In Search of the Perfect Online Marketer

20 June, 2008

Every Online Marketer Needs HelpAt AdViking central, debate is encouraged. The knee-jerk response to the previous post and article in Precision Marketing from these quarters is: “I.T. aren’t they just there to take orders for sandwiches and make sure that things don’t go wrong?”

And, yet, we’ve all been in those meetings, where the Marketing Manager, or worse still, the M.D. has a bright idea. A fantastic idea that would make the business rule the world… if it were possible. Which it isn’t. And then a little cough from the corner, the I.T. Director suggests very gently that Marketing has lost its’ marbles and Marketing suggests that I.T. needs a shave… and then it all gets ugly again!

The problem is this: that although most Marketers know what they want to communicate, know what looks good and are pretty strong at getting a marketing strategy in place – and are definitely the best people to lead the process… but they don’t know the limitations of what is (or isn’t) possible and that’s where they fall down.

To solve this problem we need to work out what we need out of the Perfect Online Marketer:

  • Good at Marketing (obviously)
  • Experientially knowledgeable of the limitations of hardware and software
  • Instinctively aware of the importance of user experience
  • Plugged into all the metrics and analytics required to tell them whether they’re doing a good job

In short: they need to know what technology can do for them.

So, for us, the perfect online marketer would be Commercial but a bit of a Nerd! And, if you can’t get that type of person, then I guess make sure I.T. is stationed as a sanity check for the more ludicrous ideas.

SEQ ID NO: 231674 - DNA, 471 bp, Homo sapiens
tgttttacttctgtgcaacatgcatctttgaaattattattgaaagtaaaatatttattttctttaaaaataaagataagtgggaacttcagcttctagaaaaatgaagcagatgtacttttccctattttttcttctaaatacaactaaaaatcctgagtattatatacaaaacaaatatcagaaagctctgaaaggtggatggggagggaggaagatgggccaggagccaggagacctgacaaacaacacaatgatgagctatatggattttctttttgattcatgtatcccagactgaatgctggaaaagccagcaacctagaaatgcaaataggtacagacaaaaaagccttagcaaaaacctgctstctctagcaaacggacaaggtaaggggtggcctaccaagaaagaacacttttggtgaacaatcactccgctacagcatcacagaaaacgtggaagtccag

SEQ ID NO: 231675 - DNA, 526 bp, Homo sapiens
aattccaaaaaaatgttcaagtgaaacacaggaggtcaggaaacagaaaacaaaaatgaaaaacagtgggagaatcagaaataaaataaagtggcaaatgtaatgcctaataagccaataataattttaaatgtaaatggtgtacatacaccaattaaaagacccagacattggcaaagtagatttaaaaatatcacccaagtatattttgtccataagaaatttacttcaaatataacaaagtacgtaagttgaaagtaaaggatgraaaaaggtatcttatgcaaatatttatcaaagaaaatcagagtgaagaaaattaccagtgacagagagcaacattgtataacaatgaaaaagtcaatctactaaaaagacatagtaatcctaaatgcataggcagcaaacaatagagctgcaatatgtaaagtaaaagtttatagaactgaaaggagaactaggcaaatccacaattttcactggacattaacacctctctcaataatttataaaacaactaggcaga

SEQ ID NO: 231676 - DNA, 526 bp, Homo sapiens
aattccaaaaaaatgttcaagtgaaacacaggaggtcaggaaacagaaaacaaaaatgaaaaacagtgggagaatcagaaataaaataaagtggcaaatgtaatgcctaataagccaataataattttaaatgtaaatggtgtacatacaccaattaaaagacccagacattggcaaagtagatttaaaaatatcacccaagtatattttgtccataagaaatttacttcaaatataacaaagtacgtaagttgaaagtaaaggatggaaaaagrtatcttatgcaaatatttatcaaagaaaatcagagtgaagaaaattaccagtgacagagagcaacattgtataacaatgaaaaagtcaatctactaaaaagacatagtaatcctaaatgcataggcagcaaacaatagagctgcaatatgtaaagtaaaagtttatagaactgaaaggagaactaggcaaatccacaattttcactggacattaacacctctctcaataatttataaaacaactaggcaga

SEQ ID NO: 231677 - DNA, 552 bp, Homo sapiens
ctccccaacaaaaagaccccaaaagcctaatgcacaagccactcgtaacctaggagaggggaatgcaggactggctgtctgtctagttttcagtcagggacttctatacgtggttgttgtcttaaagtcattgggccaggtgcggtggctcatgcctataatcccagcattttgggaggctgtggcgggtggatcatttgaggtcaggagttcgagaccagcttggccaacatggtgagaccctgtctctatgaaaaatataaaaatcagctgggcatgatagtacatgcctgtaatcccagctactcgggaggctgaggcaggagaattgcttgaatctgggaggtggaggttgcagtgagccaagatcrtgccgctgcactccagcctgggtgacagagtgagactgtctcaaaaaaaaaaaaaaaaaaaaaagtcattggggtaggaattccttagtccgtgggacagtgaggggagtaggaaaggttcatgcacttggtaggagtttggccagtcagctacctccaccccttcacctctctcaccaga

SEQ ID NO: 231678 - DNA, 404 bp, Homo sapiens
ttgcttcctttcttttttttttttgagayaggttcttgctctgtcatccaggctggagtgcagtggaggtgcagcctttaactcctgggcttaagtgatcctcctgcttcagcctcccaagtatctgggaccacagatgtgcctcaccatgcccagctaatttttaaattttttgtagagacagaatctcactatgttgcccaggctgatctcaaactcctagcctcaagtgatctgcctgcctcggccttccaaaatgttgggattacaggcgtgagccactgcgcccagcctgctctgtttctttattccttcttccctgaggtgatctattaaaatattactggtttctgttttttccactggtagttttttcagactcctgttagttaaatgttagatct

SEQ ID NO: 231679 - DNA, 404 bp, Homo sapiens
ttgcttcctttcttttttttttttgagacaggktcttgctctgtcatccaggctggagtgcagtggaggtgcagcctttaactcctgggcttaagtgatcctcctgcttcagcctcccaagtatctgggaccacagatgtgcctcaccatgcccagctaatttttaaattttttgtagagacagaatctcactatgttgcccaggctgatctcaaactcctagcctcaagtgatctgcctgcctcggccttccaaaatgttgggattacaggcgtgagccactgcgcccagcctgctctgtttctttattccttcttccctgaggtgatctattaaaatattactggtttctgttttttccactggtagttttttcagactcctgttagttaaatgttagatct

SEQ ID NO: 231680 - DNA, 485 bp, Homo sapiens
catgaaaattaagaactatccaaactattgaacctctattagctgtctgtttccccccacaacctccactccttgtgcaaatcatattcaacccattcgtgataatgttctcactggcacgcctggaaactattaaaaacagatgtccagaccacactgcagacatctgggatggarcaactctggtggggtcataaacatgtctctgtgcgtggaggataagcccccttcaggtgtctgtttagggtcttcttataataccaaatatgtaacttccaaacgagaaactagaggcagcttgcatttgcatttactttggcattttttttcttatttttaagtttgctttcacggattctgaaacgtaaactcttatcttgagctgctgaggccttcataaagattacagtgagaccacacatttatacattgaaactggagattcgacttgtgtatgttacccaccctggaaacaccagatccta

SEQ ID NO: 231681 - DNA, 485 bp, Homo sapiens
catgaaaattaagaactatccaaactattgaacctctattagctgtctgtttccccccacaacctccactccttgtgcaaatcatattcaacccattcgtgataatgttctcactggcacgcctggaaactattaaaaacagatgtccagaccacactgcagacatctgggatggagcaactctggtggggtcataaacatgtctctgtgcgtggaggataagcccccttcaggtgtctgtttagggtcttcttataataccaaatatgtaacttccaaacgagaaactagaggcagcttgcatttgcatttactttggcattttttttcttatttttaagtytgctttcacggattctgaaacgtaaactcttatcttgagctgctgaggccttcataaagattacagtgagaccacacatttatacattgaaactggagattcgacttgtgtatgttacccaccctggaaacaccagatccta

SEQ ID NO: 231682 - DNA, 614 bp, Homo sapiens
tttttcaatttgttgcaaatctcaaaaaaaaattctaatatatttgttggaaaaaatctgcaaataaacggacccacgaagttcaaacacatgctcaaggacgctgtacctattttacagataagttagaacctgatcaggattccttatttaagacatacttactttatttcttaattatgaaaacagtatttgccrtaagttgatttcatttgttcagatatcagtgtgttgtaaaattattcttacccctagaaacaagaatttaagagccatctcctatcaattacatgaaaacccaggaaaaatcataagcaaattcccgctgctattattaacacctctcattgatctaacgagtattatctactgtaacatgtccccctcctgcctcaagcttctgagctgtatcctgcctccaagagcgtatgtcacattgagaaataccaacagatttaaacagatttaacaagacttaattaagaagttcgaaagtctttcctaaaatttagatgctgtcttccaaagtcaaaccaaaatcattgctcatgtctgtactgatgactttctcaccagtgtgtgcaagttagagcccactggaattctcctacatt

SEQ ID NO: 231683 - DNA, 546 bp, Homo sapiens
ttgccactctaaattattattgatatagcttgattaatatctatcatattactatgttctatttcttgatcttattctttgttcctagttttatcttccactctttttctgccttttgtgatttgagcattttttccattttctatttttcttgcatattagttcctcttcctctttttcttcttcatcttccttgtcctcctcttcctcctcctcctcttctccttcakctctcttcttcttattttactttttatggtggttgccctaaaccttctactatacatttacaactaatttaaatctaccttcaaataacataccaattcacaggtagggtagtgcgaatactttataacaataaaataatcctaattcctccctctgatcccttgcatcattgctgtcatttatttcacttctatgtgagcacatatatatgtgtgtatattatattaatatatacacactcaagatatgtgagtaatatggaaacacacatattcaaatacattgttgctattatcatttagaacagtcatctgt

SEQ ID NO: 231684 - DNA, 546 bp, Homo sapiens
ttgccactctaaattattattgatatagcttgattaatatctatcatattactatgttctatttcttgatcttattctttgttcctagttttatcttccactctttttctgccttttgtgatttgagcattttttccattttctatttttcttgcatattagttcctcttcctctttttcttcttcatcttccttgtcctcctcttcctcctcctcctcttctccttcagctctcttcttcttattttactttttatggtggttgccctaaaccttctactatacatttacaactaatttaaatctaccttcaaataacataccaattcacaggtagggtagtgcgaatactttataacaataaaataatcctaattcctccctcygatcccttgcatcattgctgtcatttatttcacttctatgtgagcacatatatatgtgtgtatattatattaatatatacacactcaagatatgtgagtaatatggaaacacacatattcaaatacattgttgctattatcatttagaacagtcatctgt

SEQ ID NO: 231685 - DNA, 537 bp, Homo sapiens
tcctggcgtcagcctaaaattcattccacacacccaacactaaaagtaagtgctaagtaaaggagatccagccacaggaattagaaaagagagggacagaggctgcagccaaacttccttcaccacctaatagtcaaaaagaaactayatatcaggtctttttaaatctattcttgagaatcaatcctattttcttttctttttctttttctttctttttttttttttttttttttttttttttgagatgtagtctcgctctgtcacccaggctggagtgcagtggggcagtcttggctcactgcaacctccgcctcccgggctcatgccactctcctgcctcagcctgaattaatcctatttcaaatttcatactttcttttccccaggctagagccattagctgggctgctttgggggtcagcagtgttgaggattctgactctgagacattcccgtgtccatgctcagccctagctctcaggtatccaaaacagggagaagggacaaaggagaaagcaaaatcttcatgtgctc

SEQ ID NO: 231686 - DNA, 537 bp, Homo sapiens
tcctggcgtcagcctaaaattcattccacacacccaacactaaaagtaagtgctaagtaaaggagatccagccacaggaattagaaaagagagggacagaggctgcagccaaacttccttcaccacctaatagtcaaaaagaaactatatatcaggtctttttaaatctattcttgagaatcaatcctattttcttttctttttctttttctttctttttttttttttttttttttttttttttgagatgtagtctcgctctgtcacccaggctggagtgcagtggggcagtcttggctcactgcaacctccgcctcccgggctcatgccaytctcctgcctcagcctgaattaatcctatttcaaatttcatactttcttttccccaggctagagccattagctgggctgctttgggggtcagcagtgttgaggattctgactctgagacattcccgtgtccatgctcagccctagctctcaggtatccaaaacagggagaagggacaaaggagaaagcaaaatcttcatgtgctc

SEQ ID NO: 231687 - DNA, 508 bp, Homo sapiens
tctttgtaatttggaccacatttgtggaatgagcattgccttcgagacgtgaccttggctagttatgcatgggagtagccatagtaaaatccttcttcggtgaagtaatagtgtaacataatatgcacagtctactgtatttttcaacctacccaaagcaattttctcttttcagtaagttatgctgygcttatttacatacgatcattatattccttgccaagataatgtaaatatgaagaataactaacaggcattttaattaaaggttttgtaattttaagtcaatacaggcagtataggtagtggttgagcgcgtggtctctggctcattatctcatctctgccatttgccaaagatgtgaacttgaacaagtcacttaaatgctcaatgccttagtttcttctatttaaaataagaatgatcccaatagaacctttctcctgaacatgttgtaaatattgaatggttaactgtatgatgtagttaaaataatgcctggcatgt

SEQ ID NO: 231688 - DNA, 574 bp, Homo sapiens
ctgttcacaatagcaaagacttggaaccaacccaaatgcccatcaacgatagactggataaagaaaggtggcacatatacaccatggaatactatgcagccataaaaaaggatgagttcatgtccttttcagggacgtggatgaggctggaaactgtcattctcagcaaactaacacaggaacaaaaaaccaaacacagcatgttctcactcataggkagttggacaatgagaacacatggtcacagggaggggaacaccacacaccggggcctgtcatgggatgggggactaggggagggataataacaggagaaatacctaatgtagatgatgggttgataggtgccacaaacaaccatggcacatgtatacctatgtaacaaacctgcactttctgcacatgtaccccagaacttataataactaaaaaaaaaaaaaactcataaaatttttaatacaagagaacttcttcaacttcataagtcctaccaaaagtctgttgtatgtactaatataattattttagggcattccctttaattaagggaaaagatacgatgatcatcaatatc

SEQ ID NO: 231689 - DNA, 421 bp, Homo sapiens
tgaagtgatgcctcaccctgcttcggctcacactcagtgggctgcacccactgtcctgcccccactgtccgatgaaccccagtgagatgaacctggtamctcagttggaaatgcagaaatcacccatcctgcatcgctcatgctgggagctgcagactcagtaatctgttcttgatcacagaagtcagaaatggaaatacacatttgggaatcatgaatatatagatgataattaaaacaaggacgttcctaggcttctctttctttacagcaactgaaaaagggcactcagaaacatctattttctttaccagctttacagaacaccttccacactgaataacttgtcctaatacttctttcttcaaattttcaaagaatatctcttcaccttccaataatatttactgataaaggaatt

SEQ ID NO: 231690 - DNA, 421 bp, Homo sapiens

My favourite was from a Corporate P.R. who was upset about a pressure group who was bad-mouthing a clients’ products:

“Can we just virus their site?”

Oh, yes. Why didn’t we think of that… get I.T. onto it right away!!


What’s Your PPC Flava: Enable, Disable, Engage?

18 April, 2008

Adviking notes that Google have turned the screw in terms of search-driven PPC. Not only do they have greater search share, but they also earn more per page view. Is this merely down to increased competition within the keywords? We don’t think so.

Think about this: Google offers time targeting, geo targeting, offline editing, publishing of phone numbers on ads, hands-off editorial process, wider range of payment options, tight control over keyword and a much more intuitive UI. Do they do this for the advertiser? Yes and no. Talk to any advertiser and they will tell you that targeting is crucial, they know their target cost per acquisition and Google comes out very favourably. All of the list mentioned either makes targeting easier (= more valuable, = higher spend), or the process of publishing quicker. Google ENABLE.

What about Yahoo! ? They launched their new Search Marketing product with much fanfare, but it pales when matched up to the above list. It sort of has geo-targeting… but that’s about it. Worse, it seems to hamper advertisers: the editorial process can be a real pain, ‘advanced match’ is rather arbitrary and they make odd decisions… For example you could have an offline editor, but access is restricted. Medium and low value campaigns are capped to just 20 ad groups (so clients who would spend more don’t). They could offer time-targeting, but don’t.

AdViking wonders whether the hook-up on ads between Google and Yahoo! is also because Google is so much better at extracting value because it understands advertisers, rather than DISABLING them, like Yahoo! does. Maybe they should take some notes…

Credit must go to MSN, they have tried to catch up with Google. AdCenter started off clunky, but has add good functionality and targeting, including profiling. It’s not quite there, but improving rapidly. However MSN has one giant challenge: low reach! By the time a business has set up Google for a trial, and then moved on to Yahoo!, they omit MSN – some still think that Yahoo! run MSN ads (they used to a couple of years ago). Not only that, but because of the low reach, geo targeting or profiling becomes pointless because it reduces even popular terms to the odd click through a day. So, the challenge for MSN is to ENGAGE – both the public who still don’t use their search much, as well as the advertiser who sees it as ancilliary to business.